nationalsecuritylaw United States v. Boyd (E.D.N.C. Sep. 14, 2011) (yes, another guilty plea)

September 14, 2011

* United States v. Boyd (E.D.N.C. Sep. 14, 2011) (yes, another guilty plea)

Well, I spoke to soon. Another DOJ win in a terrorism case. You have to admire the concatenation of inchoateness in this particular charge: aiding-and-abetting a conspiracy to provide material support to terrorists, where that underlying material support offense in turn is predicated on support being provided to persons involved in a conspiracy to commit murder abroad in violation of 18 USC 956(a). Restated, that’s (i) aiding and abetting (ii) a conspiracy to provide (iii) material support to (iv) a conspiracy to (v) commit murder abroad). Whew! From the press release:

RALEIGH, N.C. – Dylan Boyd, aka “Mohammed,” pleaded guilty today in federal court in New Bern, N.C., to one count of aiding and abetting a conspiracy to provide material support to terrorists, announced Lisa Monaco, Assistant Attorney General for National Security; Thomas G. Walker, U.S. Attorney for the Eastern District of North Carolina; M. Chris Briese, Special Agent-in-Charge of the FBI Charlotte Division; and John F. Khin, Special Agent-in-Charge, Southeast Field Office, Defense Criminal Investigative Service (DCIS).

Boyd, 24, a U.S. citizen and resident of North Carolina, was first charged along with seven other defendants in a federal indictment returned on July 22, 2009. He was arrested on July 29, 2009, and the indictment was unsealed. On Sept. 24, 2009, a federal grand jury returned a superseding indictment in the case.

According to the superseding indictment, from before November 2006 through at least July 2009, Boyd aided and abetted other named defendants and others who conspired to provide material support and resources to terrorists, including currency, training, transportation and personnel. The object of the conspiracy, according to the indictment, was to advance violent jihad, including supporting and participating in terrorist activities abroad and committing acts of murder, kidnapping or maiming persons abroad.

The indictment alleges that, as part of the conspiracy, Boyd assisted other defendants as they prepared themselves to engage in violent jihad and were willing to die as martyrs. They also allegedly offered training in weapons and financing, and helped arrange overseas travel and contacts so others could wage violent jihad overseas. In addition, as part of the conspiracy, the defendants raised money to support training efforts, disguised the destination of such monies from the donors and obtained assault weapons to develop skills with the weapons. Some defendants also allegedly radicalized others to believe that violent jihad was a personal religious obligation.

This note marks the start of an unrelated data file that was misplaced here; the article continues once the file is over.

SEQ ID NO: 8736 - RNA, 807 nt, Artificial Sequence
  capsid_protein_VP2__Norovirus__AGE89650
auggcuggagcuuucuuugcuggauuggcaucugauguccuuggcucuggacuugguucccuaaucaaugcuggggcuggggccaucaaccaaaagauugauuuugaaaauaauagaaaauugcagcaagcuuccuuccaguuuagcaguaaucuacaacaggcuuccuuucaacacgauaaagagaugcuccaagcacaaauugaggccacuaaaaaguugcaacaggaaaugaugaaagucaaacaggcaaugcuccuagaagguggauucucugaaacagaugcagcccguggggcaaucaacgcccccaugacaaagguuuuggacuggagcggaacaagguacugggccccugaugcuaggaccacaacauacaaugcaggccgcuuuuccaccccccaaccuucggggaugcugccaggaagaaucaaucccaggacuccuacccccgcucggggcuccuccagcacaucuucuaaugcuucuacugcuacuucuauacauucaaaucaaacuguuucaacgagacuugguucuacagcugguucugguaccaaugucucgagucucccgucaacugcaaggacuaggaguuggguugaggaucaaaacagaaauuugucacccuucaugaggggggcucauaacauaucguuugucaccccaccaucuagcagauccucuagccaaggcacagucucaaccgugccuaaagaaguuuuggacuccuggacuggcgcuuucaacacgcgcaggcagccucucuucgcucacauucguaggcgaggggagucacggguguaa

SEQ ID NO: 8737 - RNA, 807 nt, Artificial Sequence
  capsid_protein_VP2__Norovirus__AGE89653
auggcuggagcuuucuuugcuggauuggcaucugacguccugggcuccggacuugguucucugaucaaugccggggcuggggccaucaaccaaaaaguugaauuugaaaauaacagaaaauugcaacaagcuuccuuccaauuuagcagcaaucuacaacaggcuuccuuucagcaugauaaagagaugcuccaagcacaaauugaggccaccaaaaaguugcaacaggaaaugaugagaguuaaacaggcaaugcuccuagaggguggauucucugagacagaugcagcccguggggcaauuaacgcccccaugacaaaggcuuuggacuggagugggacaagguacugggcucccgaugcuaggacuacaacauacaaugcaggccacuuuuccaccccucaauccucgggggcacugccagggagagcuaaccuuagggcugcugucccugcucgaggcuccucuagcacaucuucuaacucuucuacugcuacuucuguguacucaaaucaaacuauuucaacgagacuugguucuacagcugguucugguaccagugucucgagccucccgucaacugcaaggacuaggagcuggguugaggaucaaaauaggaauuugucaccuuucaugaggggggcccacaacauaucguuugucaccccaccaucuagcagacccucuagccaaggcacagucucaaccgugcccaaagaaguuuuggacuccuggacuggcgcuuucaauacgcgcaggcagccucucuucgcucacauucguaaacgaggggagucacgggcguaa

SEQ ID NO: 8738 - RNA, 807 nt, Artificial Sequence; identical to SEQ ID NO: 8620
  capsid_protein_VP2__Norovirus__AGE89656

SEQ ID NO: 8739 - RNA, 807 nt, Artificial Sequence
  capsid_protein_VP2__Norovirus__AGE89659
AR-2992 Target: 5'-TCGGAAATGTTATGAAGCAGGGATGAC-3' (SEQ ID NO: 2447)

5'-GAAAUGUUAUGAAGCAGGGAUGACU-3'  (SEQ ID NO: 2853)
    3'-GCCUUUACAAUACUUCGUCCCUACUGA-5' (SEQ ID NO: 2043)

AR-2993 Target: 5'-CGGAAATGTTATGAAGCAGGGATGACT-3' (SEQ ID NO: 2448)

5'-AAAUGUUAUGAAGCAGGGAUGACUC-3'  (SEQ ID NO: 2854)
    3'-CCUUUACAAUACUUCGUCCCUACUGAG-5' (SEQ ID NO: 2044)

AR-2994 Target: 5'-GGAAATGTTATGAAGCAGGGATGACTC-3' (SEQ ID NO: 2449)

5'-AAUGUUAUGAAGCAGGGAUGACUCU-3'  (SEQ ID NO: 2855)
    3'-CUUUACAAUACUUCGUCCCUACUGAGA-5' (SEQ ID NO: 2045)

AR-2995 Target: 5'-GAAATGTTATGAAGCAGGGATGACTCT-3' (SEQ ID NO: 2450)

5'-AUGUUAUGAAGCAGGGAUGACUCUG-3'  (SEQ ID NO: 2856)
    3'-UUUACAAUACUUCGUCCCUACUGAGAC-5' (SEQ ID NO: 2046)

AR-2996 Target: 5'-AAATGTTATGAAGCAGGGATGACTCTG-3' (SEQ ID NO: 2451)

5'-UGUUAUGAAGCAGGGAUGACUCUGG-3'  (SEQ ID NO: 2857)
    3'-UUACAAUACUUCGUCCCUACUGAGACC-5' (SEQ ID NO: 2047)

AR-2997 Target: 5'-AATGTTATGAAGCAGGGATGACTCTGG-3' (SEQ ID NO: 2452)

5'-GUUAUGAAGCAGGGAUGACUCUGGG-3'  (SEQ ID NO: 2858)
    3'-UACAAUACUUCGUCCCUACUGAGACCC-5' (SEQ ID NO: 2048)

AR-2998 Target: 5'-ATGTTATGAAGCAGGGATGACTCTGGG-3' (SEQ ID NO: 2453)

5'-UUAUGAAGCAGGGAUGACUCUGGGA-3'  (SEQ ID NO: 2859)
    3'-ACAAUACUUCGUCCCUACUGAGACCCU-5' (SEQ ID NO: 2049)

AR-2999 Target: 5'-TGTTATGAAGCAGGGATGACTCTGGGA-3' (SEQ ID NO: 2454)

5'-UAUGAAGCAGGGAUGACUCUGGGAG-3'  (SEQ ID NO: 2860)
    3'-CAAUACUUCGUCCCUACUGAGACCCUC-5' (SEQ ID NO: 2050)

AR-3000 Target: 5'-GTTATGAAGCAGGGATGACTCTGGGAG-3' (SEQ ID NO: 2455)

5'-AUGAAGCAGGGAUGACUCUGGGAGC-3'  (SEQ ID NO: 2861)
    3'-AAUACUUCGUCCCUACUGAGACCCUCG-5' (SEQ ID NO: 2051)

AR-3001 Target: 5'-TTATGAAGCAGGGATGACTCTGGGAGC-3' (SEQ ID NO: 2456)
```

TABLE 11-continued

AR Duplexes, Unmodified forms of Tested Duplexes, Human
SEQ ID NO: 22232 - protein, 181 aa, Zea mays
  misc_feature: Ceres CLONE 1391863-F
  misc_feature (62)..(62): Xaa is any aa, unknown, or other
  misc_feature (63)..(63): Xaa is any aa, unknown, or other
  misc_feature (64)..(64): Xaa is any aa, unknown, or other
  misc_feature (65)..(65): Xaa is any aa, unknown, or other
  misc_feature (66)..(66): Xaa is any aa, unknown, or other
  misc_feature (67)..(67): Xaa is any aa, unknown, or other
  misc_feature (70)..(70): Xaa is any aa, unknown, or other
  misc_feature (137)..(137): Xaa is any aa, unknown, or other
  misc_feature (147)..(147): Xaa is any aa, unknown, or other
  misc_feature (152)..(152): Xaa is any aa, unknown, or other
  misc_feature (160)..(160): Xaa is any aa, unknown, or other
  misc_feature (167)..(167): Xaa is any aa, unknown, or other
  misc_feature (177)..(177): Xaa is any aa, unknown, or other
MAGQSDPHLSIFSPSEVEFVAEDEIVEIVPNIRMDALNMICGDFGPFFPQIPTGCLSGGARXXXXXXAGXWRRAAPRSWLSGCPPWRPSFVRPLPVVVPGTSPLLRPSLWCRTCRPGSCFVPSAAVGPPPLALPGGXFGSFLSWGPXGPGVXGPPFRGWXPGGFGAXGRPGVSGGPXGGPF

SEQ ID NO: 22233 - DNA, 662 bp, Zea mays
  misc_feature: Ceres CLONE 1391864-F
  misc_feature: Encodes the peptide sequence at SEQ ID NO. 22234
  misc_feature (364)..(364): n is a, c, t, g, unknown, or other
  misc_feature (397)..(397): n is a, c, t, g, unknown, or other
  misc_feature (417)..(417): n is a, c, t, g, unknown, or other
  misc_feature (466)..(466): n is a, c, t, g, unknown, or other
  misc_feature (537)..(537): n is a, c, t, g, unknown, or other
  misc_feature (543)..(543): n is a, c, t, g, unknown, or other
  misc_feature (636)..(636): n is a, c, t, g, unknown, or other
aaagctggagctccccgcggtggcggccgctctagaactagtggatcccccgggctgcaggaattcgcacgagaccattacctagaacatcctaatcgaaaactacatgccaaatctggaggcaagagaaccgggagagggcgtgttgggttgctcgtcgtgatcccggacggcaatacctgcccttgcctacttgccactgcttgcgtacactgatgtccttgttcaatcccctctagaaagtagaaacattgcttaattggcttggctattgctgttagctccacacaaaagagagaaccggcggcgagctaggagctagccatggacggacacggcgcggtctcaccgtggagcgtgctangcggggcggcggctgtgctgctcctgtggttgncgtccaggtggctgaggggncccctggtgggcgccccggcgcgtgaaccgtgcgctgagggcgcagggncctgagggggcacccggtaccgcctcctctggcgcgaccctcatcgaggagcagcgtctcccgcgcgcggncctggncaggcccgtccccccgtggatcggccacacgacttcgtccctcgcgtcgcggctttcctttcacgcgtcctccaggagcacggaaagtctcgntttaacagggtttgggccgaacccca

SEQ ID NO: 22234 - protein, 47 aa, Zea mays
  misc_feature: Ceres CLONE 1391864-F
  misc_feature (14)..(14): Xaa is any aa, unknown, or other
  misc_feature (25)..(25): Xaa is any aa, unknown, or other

At sentencing, Boyd faces a potential 15 years in prison followed by three years of supervised release for aiding and abetting a conspiracy to provide material support to terrorists.

Boyd’s father and co-defendant, Daniel Patrick Boyd, pleaded guilty on Feb. 9, 2011, to one count of conspiracy to provide material support to terrorists and one count of conspiracy to murder kidnap, maim and injure persons in a foreign country. Boyd’s brother and co-defendant, Zakariya Boyd, pleaded guilty on June 7, 2011, to one count of conspiracy to provide material support to terrorists. Trial for the remaining co-defendants in custody is scheduled for September 2011.

nationalsecuritylaw United States v. Harpham (E.D. Wash. Sep. 7, 2011)

September 14, 2011

* United States v. Harpham (E.D. Wash. Sep. 7, 2011) (guilty plea)

Ok, this should be it for today. Last week was a busy one for DOJ in terrorism cases!

In this case, Kevin Harhpham has pled guilty to placing an IED along the planned route for the MLK Day parade in Spokane last January. The details from the press release below.

SPOKANE, Wash. – Kevin William Harpham, 37, of Colville, Wash., pleaded guilty today to the placement of the improvised explosive device alongside the planned Martin Luther King Jr. Day Unity March on Jan. 17, 2011, in Spokane, Wash., announced the Department of Justice.

On March 9, 2011, Harpham was arrested and charged by complaint with the crimes of attempted use of a weapon of mass destruction and possession of an unregistered explosive device. Today, Harpham pleaded guilty to two counts of a superseding indictment, charging Harpham with attempted use of a weapon of mass destruction and attempt to commit a federal hate crime. The Martin Luther King Jr. Day Unity March was attended by hundreds of individuals, including racial minorities. The explosive device placed by Harpham was capable of inflicting serious injury or death, according to laboratory analysis conducted by the FBI.

The plea agreement calls for a sentence of between 27 and 32 years in prison. The plea agreement is subject to the district court’s review acceptance and determination of the final sentence. The plea agreement also calls for a lifetime term of court supervision after Harpham is released from prison.